More nonsensical genius comes in the form of “Late Night Obama Food,” a subtle commentary on right wing politics and the First Lady’s fight against obesity (I think). Whatever. It’s fucking awesome. It also includes a mouth harp. (It’s totally okay if you get a little verklemmt during the line “we are dancing on the greasy floor.”)

Sometimes songs don’t live up to their titles, but “I Never Fucked Her” is not one of those songs. The acoustic guitar intro, all “Bron-Yr-Aur Stomp,” swiftly shifts to classic rock à la Boston before Valentine blurts out the title with such sincerity it’s hard not to be a little awed. One can visualize synchronized guitar moves and headbanging in the chugging riff that permeates throughout. I don’t know that I’ve enjoyed a song about incest and/or death row confessions so much.

I still don’t know what “Miss Peaches Wears An Iron Dress” is about, but that’s okay; sometimes that’s what happens with Electric Six. It’s still a good song, and almost lighthearted. You probably won’t have any clue what “Unnatural Beauty” is about, either, but Google the words “Hartlepool” and “monkey” and wait to have your mind blown. Musically, it’s one of the heavier, hookier tracks on Mustang, with a fuzzed out, freight train guitar intro. You’re going to sing along, too, especially during the chorus, which somehow sounds more like a bridge.

“Gimme The Eyes” begins with a quasi-Prince spoken word intro, before gleefully lapsing into a synth line that is eerily akin to the one in “B.C.” by Sparks. It’s a frenetic bit of fun, complete with a call and response between a guitar riff and “Hey!” repeated for maximum effect. There’s absolutely no way you can predict the bridge in this song, even after hearing it ten times.

Once you listen to Electric Six long enough you will be able to understand things that don’t make sense to most mortals. “Skin Traps” is one of those things. I hesitate to use the word “soaring” when describing E6, but yeah, the vocals do just that and, along with the guitar, totally sell it. There is an added bonus in the lyric: “When you go to shoot the messenger/it’s like you’re sending your own message/To the person who sent the original message.”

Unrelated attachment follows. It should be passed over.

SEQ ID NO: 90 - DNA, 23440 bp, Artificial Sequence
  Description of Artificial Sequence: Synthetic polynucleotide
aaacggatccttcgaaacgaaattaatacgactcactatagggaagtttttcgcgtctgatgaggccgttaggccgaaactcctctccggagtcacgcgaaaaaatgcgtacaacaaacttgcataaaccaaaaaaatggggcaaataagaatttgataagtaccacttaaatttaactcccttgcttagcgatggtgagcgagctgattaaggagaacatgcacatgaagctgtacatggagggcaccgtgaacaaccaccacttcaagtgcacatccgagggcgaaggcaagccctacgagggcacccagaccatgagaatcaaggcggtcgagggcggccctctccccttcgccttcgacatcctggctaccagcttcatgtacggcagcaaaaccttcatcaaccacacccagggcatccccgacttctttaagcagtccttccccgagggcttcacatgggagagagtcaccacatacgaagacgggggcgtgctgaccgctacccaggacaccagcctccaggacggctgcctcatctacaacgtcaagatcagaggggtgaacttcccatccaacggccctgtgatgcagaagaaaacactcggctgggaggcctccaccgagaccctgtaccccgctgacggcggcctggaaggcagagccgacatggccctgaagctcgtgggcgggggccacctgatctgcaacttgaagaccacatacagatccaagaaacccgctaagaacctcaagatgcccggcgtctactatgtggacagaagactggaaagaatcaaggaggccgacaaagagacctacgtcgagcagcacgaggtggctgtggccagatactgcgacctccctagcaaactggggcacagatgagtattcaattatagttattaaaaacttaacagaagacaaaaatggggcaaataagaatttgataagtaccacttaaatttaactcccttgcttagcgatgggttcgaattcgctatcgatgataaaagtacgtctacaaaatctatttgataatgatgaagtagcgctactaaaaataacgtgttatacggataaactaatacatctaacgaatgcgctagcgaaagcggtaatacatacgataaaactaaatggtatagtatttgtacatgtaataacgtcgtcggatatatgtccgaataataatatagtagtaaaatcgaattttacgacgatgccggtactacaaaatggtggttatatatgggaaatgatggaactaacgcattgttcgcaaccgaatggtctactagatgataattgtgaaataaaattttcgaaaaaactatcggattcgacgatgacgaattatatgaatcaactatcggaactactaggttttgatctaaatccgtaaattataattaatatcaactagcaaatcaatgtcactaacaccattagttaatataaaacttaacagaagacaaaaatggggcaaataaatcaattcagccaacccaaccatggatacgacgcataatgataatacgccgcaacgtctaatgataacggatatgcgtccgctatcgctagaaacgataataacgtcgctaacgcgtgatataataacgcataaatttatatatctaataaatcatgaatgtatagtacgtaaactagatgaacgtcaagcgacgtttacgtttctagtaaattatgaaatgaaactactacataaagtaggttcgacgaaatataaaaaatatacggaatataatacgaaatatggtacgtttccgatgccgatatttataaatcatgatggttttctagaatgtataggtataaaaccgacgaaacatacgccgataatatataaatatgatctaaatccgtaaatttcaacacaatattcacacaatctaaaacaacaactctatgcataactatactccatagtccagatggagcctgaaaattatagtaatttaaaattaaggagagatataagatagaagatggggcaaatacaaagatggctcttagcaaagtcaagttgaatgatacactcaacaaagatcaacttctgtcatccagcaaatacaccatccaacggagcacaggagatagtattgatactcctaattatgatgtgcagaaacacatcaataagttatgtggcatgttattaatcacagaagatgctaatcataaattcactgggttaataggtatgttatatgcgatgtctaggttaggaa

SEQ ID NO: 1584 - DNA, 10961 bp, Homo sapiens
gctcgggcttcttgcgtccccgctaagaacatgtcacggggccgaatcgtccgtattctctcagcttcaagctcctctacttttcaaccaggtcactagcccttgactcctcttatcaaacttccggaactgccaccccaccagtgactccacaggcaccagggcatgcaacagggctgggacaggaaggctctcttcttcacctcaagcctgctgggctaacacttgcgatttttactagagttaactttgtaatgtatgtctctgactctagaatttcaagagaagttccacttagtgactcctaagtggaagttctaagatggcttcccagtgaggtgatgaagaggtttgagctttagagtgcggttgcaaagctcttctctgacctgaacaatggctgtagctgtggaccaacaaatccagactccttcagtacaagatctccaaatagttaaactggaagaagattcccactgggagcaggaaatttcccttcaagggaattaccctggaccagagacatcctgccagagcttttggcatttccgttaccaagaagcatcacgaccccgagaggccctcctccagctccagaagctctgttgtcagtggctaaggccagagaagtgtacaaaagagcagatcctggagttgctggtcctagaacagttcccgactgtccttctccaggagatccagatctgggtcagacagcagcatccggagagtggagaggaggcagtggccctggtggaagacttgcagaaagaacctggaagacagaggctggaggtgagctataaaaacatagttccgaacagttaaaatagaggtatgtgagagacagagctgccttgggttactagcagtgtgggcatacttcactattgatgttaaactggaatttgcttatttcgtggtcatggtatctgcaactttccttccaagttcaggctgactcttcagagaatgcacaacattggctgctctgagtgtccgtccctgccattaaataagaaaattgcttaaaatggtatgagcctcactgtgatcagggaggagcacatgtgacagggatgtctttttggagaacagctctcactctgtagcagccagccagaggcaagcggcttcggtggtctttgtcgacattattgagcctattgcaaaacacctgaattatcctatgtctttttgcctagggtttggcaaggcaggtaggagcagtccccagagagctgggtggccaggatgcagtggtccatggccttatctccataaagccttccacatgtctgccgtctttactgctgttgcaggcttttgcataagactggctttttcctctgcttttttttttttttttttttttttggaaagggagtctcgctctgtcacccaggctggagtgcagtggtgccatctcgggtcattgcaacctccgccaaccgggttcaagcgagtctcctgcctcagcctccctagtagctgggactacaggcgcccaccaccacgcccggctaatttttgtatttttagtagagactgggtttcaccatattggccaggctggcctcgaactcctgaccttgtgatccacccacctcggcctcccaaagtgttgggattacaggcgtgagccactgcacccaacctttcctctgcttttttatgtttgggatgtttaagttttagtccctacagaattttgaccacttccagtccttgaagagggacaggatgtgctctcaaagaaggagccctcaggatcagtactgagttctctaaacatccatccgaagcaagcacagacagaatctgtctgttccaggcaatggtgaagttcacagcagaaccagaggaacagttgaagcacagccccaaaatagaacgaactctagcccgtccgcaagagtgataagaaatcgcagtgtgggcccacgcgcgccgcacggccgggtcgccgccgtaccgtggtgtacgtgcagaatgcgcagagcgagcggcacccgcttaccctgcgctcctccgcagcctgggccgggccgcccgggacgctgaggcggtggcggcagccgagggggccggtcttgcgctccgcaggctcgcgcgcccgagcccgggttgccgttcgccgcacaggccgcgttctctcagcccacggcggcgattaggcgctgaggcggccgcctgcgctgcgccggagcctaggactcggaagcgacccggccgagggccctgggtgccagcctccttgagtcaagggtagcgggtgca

Another thing Electric Six does very well is tie up their albums with a surprisingly poignant tune and “Cheryl vs. Darryl” is no exception. The rare Electric Six song that follows a relatively straightforward narrative, it is positively tragic, showing off Valentine’s remarkably elastic voice, something for which he should receive far more accolades than he does.

Most Electric Six albums have a lot going on, but Mustang seems more jam-packed than usual, with a preponderance of synths, crazy guitar riffs, background harmonies, and melodies that fall out from under you like a broken roller coaster. If you’re new to the band, Mustang is as good of an introduction to their Electric Six-ness as anything they’ve released thus far, possibly even better. If you’re not new to the band, I can already hear you nodding in agreement.

Mustang is out today from Metropolis Records. It is also available from iTunes.

Tour Dates:
Oct 08: Memphis, TN – Newby’s
Oct 09: Little Rock, AR – Stickyz
Oct 11: Austin, TX – Austin City Limits
Oct 12: Baton Rouge, LA – Spanish Moon
Oct 13: Atlanta, GA – The Earl
Oct 14: Carrboro, NC – Cat’s Cradle
Oct 15: Columbus, OH – The Basement
Oct 16: Cleveland, OH – Grog Shop
Oct 17: Lansing, MI – The Loft

Tour dates for the UK and Europe (and Russia!) can be found on the band’s website.